Polarization-sensitive optical coherence tomography reveals gray matter and white matter atrophy in SCA1 mouse models

Chao J. Liu, Orion Rainwater, H. Brent Clark, Harry T. Orr, Taner Akkin

Research output: Contribution to journalArticlepeer-review

2 Scopus citations

Abstract

Spinocerebellar ataxia type 1 (SCA1) is a fatal inherited neurodegenerative disease. In this study, we demonstrate the label-free optical imaging methodology that can detect, with a high degree of sensitivity, discrete areas of degeneration in the cerebellum of the SCA1 mouse models. We used ATXN1[82Q] and ATXN1[30Q]-D776 mice in which the transgene is directed only to Purkinje cells. Molecular layer, granular layer, and white matter regions are analyzed using the intrinsic contrasts provided by polarization-sensitive optical coherence tomography. Cerebellar atrophy in SCA1 mice occurred both in gray matter and white matter. While gray matter atrophy is obvious, indications of white matter atrophy including different birefringence characteristics, and shortened and contorted branches are observed. Imaging results clearly show the loss or atrophy of myelinated axons in ATXN1[82Q] mice. The method provides unbiased contrasts that can facilitate the understanding of the pathological progression in neurodegenerative diseases and other neural disorders.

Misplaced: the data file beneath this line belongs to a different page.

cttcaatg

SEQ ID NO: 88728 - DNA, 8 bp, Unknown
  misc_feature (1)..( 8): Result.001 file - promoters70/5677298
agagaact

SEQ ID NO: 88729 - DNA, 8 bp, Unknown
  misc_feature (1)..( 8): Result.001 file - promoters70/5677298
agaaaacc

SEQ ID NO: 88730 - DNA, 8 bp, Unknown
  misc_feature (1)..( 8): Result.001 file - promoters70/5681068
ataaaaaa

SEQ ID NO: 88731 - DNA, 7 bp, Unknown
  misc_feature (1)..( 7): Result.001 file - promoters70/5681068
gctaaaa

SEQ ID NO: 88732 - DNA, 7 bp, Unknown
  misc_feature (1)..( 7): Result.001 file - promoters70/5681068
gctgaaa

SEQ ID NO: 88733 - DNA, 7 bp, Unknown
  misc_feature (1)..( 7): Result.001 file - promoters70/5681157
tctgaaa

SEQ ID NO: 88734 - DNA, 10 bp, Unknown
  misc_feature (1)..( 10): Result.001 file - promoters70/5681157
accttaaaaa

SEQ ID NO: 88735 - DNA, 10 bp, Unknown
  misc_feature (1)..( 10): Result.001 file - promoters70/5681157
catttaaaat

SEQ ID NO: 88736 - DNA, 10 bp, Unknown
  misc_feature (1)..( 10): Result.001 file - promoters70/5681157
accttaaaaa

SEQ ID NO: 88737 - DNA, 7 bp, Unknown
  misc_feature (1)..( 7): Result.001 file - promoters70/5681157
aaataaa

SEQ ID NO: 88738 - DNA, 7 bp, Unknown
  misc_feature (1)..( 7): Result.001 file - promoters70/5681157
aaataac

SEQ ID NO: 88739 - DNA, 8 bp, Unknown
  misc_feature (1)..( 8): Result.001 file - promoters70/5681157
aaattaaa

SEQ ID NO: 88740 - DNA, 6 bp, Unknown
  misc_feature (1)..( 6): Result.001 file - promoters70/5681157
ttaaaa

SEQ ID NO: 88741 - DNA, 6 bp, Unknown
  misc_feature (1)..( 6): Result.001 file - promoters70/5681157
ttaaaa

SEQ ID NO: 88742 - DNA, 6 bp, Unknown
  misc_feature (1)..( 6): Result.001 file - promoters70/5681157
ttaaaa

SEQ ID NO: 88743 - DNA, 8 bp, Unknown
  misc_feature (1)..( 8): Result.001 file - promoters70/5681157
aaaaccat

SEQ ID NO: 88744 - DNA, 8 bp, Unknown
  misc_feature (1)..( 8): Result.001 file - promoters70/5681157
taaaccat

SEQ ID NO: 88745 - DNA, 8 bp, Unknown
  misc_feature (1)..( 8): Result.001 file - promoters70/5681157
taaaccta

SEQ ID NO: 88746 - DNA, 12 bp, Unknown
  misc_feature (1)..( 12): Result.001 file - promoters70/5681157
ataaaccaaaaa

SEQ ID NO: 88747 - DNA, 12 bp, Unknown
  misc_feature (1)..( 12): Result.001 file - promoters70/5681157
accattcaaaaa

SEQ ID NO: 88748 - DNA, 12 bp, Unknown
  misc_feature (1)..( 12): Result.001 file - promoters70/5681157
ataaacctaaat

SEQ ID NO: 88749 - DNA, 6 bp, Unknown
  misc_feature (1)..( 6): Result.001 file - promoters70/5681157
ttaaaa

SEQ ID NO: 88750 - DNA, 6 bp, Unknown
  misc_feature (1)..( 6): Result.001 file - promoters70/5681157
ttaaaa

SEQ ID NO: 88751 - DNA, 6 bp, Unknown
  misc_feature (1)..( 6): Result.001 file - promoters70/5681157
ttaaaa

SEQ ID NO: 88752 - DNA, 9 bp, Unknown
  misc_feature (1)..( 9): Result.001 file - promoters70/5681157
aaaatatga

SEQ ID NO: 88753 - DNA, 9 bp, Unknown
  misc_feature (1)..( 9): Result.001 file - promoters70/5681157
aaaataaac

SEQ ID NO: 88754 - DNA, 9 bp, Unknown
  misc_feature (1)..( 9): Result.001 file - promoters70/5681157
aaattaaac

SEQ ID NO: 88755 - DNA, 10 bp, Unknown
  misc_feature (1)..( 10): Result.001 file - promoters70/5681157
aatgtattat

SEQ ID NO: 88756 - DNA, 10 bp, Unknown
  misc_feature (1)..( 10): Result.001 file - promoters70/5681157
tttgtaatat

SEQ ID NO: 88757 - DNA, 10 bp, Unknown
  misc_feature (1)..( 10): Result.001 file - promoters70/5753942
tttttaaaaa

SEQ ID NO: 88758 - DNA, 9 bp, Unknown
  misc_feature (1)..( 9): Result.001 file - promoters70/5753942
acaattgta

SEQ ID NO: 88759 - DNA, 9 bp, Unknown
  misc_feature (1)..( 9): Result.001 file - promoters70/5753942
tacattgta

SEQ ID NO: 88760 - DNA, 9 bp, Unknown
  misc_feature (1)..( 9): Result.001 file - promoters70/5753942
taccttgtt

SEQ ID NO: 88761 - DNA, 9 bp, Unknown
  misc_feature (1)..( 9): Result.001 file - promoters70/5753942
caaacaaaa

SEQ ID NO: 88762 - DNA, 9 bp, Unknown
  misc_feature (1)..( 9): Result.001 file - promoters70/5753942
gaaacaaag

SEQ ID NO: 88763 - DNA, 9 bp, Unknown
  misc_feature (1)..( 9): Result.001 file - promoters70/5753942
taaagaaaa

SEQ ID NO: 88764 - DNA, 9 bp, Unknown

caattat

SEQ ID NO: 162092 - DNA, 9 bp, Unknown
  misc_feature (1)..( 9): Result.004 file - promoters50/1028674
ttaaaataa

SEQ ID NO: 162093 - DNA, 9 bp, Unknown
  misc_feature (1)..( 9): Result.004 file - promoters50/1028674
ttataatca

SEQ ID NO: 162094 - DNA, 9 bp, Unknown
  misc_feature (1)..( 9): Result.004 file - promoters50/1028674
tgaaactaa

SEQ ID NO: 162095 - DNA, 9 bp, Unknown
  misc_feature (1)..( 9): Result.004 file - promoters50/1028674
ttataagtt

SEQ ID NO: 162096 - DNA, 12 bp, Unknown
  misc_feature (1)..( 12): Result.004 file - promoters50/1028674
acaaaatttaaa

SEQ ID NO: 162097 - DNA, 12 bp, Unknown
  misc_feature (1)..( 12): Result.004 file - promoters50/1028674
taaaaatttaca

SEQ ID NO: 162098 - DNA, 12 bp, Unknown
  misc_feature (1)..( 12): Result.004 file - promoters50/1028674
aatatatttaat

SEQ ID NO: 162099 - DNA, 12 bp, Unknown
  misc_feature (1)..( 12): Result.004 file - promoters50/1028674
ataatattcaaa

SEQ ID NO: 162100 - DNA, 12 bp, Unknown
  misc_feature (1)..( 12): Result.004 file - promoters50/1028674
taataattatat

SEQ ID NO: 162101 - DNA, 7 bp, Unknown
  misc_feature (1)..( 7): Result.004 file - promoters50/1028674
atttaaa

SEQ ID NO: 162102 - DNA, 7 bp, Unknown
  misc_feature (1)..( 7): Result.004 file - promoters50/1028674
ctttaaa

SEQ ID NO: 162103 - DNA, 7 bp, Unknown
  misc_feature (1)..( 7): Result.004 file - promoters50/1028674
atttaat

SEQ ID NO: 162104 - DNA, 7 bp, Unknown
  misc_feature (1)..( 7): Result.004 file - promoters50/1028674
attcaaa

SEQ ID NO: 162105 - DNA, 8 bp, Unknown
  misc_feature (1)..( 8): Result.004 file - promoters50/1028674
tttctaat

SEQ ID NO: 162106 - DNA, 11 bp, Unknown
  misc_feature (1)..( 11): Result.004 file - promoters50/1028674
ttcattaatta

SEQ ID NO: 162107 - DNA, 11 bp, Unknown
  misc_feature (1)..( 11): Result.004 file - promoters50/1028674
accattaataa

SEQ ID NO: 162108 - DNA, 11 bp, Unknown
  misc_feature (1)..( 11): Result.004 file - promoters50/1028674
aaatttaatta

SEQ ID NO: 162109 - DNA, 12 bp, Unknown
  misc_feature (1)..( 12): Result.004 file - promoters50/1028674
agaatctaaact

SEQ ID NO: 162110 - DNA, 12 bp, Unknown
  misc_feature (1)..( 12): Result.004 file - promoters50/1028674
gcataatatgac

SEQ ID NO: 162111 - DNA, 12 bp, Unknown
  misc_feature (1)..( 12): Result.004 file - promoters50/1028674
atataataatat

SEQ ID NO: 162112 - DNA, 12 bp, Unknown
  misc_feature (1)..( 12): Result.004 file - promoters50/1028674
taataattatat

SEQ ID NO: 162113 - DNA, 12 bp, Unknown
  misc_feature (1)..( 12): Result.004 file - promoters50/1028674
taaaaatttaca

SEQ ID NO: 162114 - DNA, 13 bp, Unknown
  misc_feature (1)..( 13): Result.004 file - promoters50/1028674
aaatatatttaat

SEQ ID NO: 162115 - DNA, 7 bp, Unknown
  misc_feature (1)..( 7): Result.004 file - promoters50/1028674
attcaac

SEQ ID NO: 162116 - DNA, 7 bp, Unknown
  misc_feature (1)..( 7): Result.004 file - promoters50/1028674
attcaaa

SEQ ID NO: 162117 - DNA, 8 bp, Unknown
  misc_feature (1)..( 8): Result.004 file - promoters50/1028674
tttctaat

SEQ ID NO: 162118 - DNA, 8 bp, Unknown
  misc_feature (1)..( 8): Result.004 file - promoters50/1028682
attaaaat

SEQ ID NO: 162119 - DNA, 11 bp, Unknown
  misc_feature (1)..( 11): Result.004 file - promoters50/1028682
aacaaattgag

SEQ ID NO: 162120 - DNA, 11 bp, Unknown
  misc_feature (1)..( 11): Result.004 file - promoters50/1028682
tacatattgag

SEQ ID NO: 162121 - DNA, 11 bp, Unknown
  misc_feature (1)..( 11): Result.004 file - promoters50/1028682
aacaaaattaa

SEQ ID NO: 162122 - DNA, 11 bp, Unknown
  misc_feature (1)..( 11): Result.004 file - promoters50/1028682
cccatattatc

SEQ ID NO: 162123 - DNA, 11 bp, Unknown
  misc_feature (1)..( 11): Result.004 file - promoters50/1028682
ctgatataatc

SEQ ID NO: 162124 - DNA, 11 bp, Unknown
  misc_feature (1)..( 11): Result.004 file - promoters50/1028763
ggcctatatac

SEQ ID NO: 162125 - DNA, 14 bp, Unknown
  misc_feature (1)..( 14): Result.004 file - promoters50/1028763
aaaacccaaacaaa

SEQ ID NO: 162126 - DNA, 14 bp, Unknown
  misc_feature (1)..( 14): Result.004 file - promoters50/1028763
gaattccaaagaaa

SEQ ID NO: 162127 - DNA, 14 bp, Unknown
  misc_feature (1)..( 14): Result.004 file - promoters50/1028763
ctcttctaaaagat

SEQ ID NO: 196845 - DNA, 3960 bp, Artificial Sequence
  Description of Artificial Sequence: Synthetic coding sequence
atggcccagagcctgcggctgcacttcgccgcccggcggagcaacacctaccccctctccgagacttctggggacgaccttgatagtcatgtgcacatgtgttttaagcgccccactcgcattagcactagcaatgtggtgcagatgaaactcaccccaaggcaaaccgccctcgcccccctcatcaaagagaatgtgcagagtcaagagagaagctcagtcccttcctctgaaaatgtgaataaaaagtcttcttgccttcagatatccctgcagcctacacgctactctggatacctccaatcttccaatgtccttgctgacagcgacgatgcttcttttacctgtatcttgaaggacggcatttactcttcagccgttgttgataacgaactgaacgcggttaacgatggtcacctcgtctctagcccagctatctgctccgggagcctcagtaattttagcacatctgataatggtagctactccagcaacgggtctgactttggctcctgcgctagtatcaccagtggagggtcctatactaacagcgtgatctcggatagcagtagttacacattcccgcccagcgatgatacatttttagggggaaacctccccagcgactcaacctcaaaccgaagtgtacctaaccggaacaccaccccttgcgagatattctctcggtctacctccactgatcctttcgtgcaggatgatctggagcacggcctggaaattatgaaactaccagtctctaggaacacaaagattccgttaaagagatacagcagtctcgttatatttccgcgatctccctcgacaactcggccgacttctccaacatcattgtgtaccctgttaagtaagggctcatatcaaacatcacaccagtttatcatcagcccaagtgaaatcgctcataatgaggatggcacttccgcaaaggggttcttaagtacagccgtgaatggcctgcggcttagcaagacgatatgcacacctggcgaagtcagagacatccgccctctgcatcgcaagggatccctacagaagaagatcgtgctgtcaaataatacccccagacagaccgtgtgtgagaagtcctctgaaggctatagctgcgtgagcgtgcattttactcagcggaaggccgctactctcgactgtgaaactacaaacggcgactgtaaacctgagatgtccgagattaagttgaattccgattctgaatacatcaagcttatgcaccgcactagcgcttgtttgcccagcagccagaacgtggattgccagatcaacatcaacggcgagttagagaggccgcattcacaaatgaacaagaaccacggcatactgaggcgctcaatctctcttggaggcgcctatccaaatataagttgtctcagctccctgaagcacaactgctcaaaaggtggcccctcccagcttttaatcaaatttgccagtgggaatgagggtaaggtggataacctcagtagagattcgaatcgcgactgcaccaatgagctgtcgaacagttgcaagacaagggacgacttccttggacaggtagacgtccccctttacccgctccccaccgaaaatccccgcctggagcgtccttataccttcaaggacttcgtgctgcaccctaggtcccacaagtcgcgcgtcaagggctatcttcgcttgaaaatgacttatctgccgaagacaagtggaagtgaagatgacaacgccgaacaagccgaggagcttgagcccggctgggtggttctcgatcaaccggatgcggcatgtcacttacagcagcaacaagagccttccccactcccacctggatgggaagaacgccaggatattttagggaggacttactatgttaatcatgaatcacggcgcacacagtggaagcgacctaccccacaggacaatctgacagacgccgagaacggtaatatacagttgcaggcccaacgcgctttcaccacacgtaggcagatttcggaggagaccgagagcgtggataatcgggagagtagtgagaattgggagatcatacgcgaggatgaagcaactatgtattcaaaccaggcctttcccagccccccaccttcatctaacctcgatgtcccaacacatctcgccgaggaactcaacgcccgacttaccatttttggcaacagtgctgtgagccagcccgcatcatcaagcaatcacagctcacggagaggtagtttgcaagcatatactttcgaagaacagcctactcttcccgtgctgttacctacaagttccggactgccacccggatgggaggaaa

Original languageEnglish (US)
Pages (from-to)69-77
Number of pages9
JournalNeurobiology of Disease
Volume116
DOIs
StatePublished - Aug 2018

Bibliographical note

Funding Information:
The work was supported by research grants from the US National Science Foundation (NSF, CBET-1510674 ) and the Bob Allison Ataxia Research Center (BAARC) at the University of Minnesota, as well as by the Graduate School Doctoral Dissertation Fellowship at the University of Minnesota (to C.J.L.). High-performance computing resources were provided by Minnesota Supercomputing Institute. The authors also would like to thank the late Jillian L. Friedrich for her constructive comments.

Keywords

  • Ataxia
  • Neurodegeneration
  • Optical coherence tomography
  • Polarization

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